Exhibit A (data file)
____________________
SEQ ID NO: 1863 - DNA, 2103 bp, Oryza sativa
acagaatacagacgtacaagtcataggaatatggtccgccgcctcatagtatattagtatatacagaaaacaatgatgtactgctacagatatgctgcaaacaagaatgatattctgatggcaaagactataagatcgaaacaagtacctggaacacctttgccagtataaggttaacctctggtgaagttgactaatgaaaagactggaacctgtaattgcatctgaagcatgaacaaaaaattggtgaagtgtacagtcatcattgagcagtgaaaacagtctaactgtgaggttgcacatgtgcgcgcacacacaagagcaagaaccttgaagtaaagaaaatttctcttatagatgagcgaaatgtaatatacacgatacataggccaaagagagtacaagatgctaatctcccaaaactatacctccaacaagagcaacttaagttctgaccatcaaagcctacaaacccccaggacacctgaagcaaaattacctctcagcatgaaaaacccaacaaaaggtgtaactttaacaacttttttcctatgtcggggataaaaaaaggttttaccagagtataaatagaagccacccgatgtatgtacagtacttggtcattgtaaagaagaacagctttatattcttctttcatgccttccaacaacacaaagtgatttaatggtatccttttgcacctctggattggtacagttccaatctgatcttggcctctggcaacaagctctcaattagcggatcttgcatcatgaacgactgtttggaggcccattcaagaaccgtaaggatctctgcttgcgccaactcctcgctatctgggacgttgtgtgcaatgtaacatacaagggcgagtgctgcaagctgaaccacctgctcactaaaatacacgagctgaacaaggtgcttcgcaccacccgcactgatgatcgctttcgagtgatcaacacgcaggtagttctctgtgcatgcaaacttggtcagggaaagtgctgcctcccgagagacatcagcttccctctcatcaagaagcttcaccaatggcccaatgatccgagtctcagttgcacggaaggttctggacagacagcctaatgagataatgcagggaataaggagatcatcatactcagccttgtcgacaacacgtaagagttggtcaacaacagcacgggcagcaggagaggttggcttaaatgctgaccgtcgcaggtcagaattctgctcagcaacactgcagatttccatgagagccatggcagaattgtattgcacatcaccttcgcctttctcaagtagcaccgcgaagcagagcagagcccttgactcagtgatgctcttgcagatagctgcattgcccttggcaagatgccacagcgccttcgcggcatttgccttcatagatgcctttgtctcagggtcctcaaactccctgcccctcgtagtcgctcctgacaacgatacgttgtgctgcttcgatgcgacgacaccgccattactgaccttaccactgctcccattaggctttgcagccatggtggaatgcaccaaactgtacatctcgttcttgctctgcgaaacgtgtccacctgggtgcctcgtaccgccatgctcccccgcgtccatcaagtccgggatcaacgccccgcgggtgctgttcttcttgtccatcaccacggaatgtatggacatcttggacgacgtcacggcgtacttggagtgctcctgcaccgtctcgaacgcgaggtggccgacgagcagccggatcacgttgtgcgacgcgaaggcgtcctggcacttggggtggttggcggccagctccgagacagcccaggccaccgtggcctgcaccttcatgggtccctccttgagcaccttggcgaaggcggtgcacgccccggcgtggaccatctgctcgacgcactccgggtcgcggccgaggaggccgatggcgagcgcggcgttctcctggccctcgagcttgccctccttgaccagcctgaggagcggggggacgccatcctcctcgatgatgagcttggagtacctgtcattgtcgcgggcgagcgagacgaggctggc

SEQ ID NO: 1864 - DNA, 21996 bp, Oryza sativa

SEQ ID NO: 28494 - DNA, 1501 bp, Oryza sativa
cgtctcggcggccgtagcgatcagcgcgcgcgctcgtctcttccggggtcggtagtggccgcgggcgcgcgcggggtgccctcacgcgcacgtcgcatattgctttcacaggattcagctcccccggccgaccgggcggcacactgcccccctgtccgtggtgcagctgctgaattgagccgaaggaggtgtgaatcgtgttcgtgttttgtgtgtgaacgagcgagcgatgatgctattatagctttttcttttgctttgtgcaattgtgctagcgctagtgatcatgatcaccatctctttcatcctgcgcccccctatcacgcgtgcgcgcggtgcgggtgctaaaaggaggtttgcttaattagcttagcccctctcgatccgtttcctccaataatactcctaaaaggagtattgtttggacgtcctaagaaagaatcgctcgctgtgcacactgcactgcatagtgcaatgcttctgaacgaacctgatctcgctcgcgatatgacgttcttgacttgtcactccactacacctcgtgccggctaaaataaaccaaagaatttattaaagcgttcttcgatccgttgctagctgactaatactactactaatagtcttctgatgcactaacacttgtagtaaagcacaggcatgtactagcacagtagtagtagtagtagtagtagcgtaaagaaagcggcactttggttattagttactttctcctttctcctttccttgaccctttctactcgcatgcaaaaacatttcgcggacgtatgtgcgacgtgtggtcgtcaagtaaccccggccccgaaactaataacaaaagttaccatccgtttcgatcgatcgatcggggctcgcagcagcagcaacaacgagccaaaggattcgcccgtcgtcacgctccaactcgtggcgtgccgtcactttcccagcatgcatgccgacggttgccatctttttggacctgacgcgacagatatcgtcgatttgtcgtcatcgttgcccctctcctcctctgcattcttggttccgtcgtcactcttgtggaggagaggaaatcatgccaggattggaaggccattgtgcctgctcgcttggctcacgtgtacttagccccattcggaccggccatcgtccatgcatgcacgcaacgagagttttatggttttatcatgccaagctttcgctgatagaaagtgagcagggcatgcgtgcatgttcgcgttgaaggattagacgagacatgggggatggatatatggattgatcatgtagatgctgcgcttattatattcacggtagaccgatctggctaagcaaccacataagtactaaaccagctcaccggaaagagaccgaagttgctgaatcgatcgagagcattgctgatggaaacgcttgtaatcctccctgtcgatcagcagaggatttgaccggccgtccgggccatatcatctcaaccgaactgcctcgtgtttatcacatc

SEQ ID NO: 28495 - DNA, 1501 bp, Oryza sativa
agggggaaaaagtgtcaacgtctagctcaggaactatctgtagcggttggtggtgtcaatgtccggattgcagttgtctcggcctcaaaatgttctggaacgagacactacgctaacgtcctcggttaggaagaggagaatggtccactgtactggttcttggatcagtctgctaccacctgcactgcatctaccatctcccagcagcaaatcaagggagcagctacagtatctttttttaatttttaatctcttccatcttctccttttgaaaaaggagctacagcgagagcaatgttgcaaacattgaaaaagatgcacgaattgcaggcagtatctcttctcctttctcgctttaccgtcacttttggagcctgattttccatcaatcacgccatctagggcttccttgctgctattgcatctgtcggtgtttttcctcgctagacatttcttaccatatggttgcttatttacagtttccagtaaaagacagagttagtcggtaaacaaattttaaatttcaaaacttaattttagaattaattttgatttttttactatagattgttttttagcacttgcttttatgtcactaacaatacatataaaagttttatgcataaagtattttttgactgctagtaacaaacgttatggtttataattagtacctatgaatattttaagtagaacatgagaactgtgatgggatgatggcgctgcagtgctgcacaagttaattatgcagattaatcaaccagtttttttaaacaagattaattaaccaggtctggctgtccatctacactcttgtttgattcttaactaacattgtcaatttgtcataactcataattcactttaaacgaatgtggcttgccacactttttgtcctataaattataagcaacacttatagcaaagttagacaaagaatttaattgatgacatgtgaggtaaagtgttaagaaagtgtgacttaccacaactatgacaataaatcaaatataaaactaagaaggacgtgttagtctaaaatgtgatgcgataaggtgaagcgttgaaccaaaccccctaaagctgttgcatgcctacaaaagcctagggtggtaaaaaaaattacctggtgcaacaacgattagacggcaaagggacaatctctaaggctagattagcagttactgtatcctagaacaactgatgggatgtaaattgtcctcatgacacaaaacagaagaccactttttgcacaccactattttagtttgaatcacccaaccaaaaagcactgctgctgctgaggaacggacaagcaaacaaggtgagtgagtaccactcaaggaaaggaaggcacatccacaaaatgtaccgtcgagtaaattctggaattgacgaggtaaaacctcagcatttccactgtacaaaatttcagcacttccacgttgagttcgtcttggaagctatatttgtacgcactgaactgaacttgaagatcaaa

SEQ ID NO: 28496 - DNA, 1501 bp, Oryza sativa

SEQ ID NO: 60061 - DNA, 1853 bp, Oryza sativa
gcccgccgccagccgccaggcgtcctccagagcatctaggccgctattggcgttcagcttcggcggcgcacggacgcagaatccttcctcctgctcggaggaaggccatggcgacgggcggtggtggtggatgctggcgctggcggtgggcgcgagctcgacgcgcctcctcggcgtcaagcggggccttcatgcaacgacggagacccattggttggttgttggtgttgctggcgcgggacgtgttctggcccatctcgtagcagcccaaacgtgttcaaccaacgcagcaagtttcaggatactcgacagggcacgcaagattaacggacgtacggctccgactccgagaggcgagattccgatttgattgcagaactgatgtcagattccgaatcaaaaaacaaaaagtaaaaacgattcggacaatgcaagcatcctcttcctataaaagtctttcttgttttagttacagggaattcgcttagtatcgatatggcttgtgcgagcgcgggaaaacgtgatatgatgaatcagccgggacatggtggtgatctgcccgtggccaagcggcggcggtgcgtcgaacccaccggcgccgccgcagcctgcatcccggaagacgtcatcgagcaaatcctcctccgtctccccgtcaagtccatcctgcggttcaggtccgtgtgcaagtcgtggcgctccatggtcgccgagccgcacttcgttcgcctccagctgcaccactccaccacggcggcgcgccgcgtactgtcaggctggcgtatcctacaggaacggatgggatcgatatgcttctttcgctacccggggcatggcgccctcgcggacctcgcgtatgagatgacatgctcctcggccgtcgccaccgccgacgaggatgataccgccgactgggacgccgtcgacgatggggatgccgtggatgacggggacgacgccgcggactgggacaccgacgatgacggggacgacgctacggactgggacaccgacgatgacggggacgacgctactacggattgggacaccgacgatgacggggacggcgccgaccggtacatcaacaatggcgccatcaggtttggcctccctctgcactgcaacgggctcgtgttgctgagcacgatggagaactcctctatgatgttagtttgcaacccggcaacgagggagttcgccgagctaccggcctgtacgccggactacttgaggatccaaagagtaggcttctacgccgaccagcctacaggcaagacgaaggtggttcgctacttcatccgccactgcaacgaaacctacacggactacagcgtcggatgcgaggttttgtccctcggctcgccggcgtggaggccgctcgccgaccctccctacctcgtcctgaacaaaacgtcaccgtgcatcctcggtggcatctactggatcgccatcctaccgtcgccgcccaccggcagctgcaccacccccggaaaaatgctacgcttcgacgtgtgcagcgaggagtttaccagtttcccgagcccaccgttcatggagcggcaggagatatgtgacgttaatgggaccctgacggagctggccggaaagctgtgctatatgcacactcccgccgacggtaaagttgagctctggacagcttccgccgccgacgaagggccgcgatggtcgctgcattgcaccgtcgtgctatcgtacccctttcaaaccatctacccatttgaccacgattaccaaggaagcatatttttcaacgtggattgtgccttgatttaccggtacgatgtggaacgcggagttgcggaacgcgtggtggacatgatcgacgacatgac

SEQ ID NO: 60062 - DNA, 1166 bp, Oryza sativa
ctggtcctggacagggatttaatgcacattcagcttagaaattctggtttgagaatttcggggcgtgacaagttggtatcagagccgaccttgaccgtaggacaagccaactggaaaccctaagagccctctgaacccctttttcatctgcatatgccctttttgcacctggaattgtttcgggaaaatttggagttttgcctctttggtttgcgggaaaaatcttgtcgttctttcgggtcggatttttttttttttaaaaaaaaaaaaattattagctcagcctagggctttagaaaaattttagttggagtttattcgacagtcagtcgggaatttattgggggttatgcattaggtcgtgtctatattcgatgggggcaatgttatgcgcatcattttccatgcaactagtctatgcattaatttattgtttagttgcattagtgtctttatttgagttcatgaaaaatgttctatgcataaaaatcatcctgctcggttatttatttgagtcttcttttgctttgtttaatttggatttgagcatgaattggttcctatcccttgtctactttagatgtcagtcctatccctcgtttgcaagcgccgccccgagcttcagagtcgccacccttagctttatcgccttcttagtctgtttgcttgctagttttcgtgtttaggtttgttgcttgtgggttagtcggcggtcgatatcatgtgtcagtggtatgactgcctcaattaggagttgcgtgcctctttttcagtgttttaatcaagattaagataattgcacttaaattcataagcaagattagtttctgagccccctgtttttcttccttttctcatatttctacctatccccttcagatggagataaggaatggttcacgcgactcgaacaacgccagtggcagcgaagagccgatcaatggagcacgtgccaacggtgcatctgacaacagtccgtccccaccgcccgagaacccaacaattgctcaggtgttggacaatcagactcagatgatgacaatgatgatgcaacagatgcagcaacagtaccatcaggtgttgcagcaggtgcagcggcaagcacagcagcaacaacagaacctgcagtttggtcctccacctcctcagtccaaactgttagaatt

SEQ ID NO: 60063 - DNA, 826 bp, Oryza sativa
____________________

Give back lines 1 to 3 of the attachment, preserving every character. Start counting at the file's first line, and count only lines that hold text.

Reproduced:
SEQ ID NO: 1863 - DNA, 2103 bp, Oryza sativa
acagaatacagacgtacaagtcataggaatatggtccgccgcctcatagtatattagtatatacagaaaacaatgatgtactgctacagatatgctgcaaacaagaatgatattctgatggcaaagactataagatcgaaacaagtacctggaacacctttgccagtataaggttaacctctggtgaagttgactaatgaaaagactggaacctgtaattgcatctgaagcatgaacaaaaaattggtgaagtgtacagtcatcattgagcagtgaaaacagtctaactgtgaggttgcacatgtgcgcgcacacacaagagcaagaaccttgaagtaaagaaaatttctcttatagatgagcgaaatgtaatatacacgatacataggccaaagagagtacaagatgctaatctcccaaaactatacctccaacaagagcaacttaagttctgaccatcaaagcctacaaacccccaggacacctgaagcaaaattacctctcagcatgaaaaacccaacaaaaggtgtaactttaacaacttttttcctatgtcggggataaaaaaaggttttaccagagtataaatagaagccacccgatgtatgtacagtacttggtcattgtaaagaagaacagctttatattcttctttcatgccttccaacaacacaaagtgatttaatggtatccttttgcacctctggattggtacagttccaatctgatcttggcctctggcaacaagctctcaattagcggatcttgcatcatgaacgactgtttggaggcccattcaagaaccgtaaggatctctgcttgcgccaactcctcgctatctgggacgttgtgtgcaatgtaacatacaagggcgagtgctgcaagctgaaccacctgctcactaaaatacacgagctgaacaaggtgcttcgcaccacccgcactgatgatcgctttcgagtgatcaacacgcaggtagttctctgtgcatgcaaacttggtcagggaaagtgctgcctcccgagagacatcagcttccctctcatcaagaagcttcaccaatggcccaatgatccgagtctcagttgcacggaaggttctggacagacagcctaatgagataatgcagggaataaggagatcatcatactcagccttgtcgacaacacgtaagagttggtcaacaacagcacgggcagcaggagaggttggcttaaatgctgaccgtcgcaggtcagaattctgctcagcaacactgcagatttccatgagagccatggcagaattgtattgcacatcaccttcgcctttctcaagtagcaccgcgaagcagagcagagcccttgactcagtgatgctcttgcagatagctgcattgcccttggcaagatgccacagcgccttcgcggcatttgccttcatagatgcctttgtctcagggtcctcaaactccctgcccctcgtagtcgctcctgacaacgatacgttgtgctgcttcgatgcgacgacaccgccattactgaccttaccactgctcccattaggctttgcagccatggtggaatgcaccaaactgtacatctcgttcttgctctgcgaaacgtgtccacctgggtgcctcgtaccgccatgctcccccgcgtccatcaagtccgggatcaacgccccgcgggtgctgttcttcttgtccatcaccacggaatgtatggacatcttggacgacgtcacggcgtacttggagtgctcctgcaccgtctcgaacgcgaggtggccgacgagcagccggatcacgttgtgcgacgcgaaggcgtcctggcacttggggtggttggcggccagctccgagacagcccaggccaccgtggcctgcaccttcatgggtccctccttgagcaccttggcgaaggcggtgcacgccccggcgtggaccatctgctcgacgcactccgggtcgcggccgaggaggccgatggcgagcgcggcgttctcctggccctcgagcttgccctccttgaccagcctgaggagcggggggacgccatcctcctcgatgatgagcttggagtacctgtcattgtcgcgggcgagcgagacgaggctggc

SEQ ID NO: 1864 - DNA, 21996 bp, Oryza sativa